Kenneth Harold Berglund (1917-2003) was born on October 18, 1917 in Racine, Wisconsin. Early in his career, Berglund worked at local photography company Camera Craft where he assisted in the creation of the annual yearbook produced by Illinois State Normal University. After his marriage to Elizabeth Burdette in 1941, Berglund joined the Navy during World War II as a photographer. Upon his return to Normal in 1945, Berglund and his brother, Robert, purchased local photograph company, United Photo and started their new photography business, Ken-Way Studio.
As a commercial photographer, a great deal of Berglund’s work was done in the local and regional Central Illinois business community, many of which had national significance including Prairie Farms, Standard Oil, State Farm, Nestle Beich, and others. Berglund was also hired by local clubs, churches, and schools to take annual headshots and group photographs their members. The most notable of these groups was the local theatrical group the American Passion Play, one of the oldest continuously performing passion play groups in the United States.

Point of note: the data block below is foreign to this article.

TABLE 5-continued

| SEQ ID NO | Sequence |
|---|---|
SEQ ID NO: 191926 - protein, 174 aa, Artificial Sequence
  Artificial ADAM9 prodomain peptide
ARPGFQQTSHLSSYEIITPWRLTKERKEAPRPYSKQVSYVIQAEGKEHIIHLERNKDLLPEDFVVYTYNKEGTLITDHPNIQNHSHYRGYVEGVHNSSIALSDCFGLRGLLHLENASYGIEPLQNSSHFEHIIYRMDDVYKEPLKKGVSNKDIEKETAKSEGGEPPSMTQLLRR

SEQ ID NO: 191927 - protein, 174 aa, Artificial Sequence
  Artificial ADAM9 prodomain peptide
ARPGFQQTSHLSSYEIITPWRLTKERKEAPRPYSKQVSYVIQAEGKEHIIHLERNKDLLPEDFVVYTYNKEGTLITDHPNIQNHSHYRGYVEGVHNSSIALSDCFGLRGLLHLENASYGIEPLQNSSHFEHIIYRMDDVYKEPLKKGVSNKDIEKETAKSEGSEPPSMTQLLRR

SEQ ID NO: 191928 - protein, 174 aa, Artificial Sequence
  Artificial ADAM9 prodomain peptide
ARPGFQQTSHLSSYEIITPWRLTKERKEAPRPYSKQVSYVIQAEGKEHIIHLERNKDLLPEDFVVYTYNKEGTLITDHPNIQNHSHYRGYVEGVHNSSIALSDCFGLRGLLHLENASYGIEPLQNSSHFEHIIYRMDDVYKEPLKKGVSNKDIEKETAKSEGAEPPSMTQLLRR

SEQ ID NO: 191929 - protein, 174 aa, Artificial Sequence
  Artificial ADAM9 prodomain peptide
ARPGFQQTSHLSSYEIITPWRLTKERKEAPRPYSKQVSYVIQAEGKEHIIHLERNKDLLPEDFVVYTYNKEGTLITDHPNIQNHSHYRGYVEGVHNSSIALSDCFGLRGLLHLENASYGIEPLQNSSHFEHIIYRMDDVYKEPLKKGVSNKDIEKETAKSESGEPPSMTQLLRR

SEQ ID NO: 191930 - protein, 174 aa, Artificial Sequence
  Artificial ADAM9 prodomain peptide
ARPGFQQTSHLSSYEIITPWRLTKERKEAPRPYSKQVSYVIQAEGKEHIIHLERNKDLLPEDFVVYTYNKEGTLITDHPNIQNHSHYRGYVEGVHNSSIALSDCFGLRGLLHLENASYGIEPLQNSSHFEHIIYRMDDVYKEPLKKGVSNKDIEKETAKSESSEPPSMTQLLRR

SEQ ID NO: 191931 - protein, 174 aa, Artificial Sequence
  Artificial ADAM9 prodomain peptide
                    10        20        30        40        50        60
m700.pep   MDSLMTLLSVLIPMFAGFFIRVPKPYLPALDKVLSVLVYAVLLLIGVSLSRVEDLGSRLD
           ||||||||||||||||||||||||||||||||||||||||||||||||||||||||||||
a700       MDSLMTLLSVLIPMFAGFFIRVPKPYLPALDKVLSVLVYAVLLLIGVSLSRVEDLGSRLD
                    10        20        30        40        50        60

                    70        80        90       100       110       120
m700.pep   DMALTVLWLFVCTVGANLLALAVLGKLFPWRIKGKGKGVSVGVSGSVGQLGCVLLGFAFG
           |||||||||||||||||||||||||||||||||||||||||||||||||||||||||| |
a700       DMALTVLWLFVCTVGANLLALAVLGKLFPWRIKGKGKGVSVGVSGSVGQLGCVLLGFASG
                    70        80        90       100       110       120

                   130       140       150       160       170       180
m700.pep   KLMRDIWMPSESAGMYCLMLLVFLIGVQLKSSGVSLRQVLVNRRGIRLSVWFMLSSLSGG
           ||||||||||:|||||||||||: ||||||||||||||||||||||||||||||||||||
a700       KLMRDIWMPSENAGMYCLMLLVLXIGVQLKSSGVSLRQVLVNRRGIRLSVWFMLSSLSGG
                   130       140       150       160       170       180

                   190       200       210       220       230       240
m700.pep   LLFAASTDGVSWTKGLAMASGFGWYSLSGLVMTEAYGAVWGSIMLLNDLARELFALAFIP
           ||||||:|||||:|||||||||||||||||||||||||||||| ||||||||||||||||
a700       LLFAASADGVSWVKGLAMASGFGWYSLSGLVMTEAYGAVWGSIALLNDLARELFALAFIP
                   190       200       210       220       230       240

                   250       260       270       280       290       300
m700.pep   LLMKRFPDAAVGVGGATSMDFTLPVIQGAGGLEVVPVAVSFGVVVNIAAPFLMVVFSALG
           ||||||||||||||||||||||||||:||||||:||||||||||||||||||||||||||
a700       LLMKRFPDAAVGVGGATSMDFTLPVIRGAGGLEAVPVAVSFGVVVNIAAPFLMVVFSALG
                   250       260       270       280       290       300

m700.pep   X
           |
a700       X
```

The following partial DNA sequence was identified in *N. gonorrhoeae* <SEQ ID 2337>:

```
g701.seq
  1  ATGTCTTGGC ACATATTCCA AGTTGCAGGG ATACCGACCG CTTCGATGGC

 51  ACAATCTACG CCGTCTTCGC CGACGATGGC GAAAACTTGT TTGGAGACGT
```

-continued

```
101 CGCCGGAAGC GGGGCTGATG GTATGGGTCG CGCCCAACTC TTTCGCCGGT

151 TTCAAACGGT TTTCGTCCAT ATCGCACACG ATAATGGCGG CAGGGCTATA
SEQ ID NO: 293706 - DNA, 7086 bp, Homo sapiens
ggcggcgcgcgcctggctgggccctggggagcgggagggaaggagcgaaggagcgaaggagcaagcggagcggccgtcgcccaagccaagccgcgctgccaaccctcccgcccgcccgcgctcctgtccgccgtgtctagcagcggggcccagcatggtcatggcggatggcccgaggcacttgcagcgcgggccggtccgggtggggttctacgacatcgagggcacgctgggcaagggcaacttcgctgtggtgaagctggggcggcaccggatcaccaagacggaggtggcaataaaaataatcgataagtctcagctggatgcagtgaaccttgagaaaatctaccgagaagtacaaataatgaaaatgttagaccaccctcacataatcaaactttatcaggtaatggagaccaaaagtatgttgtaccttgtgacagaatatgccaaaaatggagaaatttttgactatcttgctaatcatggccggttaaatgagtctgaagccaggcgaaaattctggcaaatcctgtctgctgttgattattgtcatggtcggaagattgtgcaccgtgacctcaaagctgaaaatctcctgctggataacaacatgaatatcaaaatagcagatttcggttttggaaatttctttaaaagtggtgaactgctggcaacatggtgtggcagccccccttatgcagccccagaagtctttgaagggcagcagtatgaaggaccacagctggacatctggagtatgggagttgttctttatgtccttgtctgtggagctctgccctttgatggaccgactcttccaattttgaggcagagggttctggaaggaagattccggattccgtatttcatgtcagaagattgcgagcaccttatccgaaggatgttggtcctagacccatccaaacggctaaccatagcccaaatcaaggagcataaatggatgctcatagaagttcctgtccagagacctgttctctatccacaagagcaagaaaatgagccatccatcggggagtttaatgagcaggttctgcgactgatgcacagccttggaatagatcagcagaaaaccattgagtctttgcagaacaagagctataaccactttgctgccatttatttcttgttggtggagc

Kenneth Harold Berglund died on October 24th, 2003 and is buried next to his wife in East Lawn Memorial Gardens Cemetery in Bloomington, Illinois. In 2011, the JoAnn Rayfield Archives at Illinois State University obtained the collection from the Berglund’s children.
The physical collection encompasses 120 linear feet and holds thousands of prints and negatives that document the history of Bloomington, Normal, and the Central Illinois region. Due to its size and to limited Archives staffing, the collection is currently unprocessed. However, the materials are sorted into subject groups and can be accessed by Archives staff. For additional information, please contact Archives staff at email@example.com
Bloomington, Illinois celebrates its 100th anniversary September 18-20, 1950 with a boisterous two-hour procession down Main Street featuring 10 bands and 75 civic groups.
Employees of Bloomington-Normal businesses work on the factory line, in the office, and on the sales floor.
Today’s ISU owes much to the higher education boom of the 1950s-1970s, which saw an exponential increase in the number of students on campus, as well as the construction of facilities to feed, house, and educate them.